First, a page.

What do Elon Musk, a bunch of famous YouTube personalities and some dirt farmers in Arkansas have in common? They are all using the power of nature to help sequester carbon from the atmosphere back into plants and soil where it belongs.
In this week’s top 5 happy Eco News stories we read about a farmer who, after 4 generations, was considering selling the family farm in Arkansas. It was just too expensive to run and make a profit. The farm was using industrial farming practices – meaning high intervention in the form of chemical fertilizers, herbicides and pesticides. The soil was being continually assaulted by tilling and as a result losing much of its ability to hold nutrients.
The cost of all this spraying and tilling was making it impossible to make any profits. Just as he was about to make the decision to sell the 9,000 acre farm, farmer Adam Chappell discovered a YouTube video where he saw a farmer using traditional methods of cover crops and low intervention to create a natural way of managing the soil, nutrients and pests. The farm is now more profitable than ever and instead of being a net emitter, it now sequesters carbon. Agriculture has played a major role in the climate crisis—about a quarter of the world’s greenhouse gas emissions come from land use and agriculture combined—but farmers are uniquely situated to be part of the solution. Their plants pull carbon out of the atmosphere through photosynthesis and deposit it in the soil through their roots. Regenerative farming practices like no-till cultivation, cover crops, and crop rotation keep the carbon in the soil, where it builds over time. In turn, carbon-rich organic matter feeds healthy plants and provides higher nutritional value for food crops.
A similar story is heard from farmer Joel Selatin of Polyface Farms. Joel’s father bought their farm’s land for cheap after years of soil depletion and chemical intervention had made it all but unusable. A man with common sense and long-term vision, he bucked convention and did things in a low impact, holistic way – more in line with what would have been done on small family farms everywhere up until the second world war. Now, generations later, the farm earns more money per acre using regenerative farming practices than neighboring farms using conventional methods. Due to healthy soil and a closed loop, it is better for the planet too.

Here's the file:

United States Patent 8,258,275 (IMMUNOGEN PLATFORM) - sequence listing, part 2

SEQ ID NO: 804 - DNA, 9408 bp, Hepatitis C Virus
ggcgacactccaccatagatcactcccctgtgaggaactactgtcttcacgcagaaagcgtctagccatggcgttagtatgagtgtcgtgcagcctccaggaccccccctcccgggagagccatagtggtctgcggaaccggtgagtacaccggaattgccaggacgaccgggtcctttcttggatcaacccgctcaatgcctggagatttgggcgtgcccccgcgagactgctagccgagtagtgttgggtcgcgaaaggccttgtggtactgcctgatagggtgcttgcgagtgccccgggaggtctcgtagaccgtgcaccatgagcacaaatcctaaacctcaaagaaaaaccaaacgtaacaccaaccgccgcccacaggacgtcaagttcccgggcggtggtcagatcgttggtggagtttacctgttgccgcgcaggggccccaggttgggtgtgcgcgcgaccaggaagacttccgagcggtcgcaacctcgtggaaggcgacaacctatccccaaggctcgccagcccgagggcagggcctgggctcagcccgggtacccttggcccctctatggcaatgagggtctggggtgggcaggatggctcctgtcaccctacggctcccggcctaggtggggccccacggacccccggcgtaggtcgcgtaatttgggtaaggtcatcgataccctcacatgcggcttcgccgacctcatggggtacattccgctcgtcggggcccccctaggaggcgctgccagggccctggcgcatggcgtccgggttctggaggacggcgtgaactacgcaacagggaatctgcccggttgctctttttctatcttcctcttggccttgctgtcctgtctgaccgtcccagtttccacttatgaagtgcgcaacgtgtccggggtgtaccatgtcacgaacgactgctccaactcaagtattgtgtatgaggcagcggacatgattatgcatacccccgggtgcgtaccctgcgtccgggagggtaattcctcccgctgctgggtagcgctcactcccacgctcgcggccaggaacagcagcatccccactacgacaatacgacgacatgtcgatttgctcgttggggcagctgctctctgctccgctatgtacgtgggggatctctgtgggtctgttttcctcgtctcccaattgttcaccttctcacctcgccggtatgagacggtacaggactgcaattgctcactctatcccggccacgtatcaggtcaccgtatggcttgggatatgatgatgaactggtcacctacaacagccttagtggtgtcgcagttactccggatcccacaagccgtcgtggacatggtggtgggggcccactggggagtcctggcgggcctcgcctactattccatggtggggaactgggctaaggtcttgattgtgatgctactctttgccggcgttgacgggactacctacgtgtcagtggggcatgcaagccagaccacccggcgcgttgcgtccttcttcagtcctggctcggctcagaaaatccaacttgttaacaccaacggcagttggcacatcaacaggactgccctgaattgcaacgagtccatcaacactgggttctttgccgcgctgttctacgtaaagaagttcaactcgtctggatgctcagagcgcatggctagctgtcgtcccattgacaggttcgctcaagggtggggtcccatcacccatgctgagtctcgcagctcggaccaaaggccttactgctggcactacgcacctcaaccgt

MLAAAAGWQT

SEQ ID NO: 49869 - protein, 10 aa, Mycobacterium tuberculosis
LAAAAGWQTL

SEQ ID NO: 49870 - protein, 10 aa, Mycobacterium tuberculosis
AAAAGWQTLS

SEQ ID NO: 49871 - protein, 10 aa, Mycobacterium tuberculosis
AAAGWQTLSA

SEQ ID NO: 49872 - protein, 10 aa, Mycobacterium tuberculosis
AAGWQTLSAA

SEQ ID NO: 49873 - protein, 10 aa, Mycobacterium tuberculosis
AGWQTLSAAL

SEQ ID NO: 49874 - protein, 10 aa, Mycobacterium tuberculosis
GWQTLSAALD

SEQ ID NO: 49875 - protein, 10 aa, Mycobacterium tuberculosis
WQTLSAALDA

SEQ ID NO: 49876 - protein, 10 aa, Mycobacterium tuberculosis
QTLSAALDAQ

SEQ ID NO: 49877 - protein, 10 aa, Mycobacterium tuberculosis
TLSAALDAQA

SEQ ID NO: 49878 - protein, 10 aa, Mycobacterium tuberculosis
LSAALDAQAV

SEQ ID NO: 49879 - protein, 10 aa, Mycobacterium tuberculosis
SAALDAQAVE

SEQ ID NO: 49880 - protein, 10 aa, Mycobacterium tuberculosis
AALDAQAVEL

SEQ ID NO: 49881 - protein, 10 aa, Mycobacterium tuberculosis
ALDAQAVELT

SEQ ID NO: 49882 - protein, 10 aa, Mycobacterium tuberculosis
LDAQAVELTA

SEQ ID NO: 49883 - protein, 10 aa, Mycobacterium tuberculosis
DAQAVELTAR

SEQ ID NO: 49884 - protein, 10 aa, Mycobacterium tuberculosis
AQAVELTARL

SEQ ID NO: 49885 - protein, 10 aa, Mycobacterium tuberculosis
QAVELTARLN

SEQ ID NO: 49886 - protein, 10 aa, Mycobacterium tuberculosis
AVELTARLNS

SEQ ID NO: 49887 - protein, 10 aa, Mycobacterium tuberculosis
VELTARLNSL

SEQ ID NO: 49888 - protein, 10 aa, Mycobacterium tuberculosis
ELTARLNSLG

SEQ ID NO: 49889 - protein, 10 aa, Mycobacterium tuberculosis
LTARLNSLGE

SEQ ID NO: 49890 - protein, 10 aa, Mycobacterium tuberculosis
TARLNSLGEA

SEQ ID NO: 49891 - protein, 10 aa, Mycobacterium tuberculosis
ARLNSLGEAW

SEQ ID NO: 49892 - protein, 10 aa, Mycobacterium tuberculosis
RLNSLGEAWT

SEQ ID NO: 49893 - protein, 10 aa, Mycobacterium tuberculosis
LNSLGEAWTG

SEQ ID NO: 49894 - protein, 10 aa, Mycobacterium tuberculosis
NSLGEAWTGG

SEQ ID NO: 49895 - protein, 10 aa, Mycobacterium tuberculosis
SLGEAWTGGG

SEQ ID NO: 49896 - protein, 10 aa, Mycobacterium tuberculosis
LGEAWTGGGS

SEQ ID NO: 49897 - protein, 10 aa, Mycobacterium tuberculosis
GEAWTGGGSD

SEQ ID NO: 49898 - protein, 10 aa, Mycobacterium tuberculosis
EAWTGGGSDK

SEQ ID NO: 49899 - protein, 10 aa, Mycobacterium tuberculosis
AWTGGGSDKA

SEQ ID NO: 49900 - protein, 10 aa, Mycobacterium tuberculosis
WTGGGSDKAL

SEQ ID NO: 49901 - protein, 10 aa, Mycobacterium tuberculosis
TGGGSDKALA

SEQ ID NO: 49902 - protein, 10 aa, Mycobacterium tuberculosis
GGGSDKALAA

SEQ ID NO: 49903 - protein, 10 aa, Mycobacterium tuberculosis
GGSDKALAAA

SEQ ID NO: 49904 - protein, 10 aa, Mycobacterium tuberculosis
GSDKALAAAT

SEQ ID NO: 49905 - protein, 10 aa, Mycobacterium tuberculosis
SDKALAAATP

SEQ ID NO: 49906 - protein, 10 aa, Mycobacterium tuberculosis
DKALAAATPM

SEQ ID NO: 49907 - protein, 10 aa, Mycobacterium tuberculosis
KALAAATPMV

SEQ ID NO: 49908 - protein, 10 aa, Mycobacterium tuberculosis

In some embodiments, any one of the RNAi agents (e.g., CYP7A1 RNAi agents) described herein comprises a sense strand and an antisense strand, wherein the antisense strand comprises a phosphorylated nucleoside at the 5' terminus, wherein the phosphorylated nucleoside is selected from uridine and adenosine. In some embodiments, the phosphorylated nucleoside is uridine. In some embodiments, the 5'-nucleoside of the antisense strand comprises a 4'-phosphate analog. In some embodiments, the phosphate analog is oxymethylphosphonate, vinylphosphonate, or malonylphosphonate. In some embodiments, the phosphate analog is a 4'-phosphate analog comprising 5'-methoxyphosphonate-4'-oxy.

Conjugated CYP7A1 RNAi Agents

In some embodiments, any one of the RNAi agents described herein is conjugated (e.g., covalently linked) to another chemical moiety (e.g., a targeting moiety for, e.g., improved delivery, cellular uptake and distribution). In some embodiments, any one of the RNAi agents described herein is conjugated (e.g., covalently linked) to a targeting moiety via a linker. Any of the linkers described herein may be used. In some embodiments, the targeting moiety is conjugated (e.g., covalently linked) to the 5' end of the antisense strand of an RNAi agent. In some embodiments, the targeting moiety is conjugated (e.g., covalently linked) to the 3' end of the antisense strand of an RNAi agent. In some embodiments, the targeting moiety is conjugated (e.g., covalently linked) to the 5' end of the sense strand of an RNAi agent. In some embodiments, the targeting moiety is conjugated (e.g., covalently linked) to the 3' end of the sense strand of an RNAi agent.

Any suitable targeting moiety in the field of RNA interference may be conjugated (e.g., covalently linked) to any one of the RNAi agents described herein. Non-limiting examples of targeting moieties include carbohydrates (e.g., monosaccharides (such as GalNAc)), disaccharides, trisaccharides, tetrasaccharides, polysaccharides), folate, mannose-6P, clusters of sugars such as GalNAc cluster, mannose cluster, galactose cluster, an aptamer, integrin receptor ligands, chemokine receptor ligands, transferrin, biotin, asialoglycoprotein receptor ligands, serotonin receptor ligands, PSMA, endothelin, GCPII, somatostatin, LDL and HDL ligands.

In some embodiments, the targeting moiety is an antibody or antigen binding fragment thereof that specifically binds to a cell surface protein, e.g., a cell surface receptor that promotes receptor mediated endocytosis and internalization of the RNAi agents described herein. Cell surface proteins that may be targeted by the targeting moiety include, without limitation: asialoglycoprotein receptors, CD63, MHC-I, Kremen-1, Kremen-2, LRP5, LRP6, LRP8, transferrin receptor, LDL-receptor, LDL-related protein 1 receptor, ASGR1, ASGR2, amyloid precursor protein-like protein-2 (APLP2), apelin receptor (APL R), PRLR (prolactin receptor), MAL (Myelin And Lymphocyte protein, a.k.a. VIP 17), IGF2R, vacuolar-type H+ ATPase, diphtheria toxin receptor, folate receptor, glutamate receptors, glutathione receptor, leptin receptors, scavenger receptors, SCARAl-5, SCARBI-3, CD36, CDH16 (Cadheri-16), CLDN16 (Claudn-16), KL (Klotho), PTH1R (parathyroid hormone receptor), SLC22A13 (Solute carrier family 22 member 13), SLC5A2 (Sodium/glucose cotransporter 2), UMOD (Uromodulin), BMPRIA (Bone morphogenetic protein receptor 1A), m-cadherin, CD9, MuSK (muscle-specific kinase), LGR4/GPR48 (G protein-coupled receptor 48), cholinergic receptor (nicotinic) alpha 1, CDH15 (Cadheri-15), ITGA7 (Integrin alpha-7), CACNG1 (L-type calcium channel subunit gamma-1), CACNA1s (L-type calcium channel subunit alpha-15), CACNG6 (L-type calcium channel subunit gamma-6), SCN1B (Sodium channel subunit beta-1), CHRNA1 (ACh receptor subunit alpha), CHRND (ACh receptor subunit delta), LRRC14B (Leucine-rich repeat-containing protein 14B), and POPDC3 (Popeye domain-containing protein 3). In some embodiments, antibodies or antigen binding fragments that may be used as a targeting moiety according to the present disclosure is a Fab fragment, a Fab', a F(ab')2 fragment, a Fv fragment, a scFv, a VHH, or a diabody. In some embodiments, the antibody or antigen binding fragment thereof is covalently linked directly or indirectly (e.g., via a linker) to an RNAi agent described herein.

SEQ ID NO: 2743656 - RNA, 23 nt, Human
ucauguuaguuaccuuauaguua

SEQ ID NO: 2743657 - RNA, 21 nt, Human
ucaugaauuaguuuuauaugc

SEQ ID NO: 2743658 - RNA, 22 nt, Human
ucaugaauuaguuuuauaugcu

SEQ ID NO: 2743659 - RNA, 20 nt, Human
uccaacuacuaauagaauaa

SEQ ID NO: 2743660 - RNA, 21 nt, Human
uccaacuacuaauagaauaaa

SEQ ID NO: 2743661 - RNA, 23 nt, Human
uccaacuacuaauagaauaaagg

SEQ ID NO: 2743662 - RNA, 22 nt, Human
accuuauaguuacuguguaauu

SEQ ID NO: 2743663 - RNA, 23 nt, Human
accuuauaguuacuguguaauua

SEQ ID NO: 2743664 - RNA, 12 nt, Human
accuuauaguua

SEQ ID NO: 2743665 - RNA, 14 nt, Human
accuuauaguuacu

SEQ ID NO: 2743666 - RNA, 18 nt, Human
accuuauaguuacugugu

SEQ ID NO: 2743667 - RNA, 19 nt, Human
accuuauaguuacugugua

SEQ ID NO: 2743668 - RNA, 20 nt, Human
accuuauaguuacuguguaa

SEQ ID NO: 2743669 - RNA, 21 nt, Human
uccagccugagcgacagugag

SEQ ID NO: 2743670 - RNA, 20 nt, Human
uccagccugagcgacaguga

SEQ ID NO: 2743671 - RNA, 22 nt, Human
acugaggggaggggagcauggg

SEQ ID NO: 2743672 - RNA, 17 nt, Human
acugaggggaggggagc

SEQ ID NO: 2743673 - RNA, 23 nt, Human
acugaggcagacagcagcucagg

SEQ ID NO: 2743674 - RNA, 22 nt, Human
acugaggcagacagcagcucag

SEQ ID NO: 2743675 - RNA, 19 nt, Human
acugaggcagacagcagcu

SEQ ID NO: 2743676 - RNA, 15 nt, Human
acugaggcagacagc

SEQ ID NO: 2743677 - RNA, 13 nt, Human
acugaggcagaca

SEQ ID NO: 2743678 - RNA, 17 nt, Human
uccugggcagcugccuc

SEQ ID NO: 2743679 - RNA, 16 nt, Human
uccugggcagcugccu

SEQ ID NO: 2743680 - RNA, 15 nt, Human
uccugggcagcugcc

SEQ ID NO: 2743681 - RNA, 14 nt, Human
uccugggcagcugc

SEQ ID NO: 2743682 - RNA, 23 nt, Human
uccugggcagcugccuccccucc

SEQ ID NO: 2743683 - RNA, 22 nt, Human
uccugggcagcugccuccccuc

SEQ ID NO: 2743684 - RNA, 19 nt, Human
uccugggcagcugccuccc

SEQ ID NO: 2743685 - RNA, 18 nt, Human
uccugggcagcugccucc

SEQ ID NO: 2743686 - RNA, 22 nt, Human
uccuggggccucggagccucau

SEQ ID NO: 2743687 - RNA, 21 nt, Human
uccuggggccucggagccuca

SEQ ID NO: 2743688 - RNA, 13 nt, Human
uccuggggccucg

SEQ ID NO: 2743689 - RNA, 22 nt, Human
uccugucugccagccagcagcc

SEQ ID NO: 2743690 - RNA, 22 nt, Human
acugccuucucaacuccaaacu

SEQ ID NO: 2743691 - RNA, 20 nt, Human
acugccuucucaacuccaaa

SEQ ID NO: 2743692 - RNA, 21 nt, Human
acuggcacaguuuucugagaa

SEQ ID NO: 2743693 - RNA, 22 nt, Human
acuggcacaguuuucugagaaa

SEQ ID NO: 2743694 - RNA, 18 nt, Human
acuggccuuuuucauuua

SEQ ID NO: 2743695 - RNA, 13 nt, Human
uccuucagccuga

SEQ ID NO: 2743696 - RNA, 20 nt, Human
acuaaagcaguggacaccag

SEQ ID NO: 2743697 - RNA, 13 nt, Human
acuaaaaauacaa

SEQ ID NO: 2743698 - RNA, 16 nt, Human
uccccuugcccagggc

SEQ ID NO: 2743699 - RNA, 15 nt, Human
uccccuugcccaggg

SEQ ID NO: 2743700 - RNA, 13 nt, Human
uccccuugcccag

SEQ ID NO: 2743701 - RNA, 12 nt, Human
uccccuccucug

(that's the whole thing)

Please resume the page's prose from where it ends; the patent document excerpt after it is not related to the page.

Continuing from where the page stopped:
The YouTube connection continues with #TeamTrees, a youtube hashtag that encourages people to plant trees to help reduce the amount of carbon in the atmosphere. While there are many technologies currently being developed to sequester carbon, many scientists agree that if we could collectively plant 1 trillion trees (while drawing down carbon emissions), we would be able to remove enough carbon from the atmosphere to stay below the 1.5C temperature increase threshold. The hashtag was started by YouTube star MrBeast to celebrate his 20 millionth subscriber. Instead of simply throwing a big party to celebrate, his subscribers challenged him to plant 20 million trees in an effort to help combat climate change. The hashtag took off and working with Arbor Day Foundation they have enlisted the help of other YouTube stars and famous entrepreneurs such as Elon Musk and Twitter founder Jack Dorsey who have pledged cash to help the project.
In other top happy eco news stories, carbon sequestration using trees continues with an ancient food tree being grown in Brazil to encourage family farms to stay out of the industrial agricultural system. The recent Swiss federal elections saw a huge gain for parties supporting green initiatives, and a sustainable, circular economy is achievable but will require significant effort (it’s worth it).
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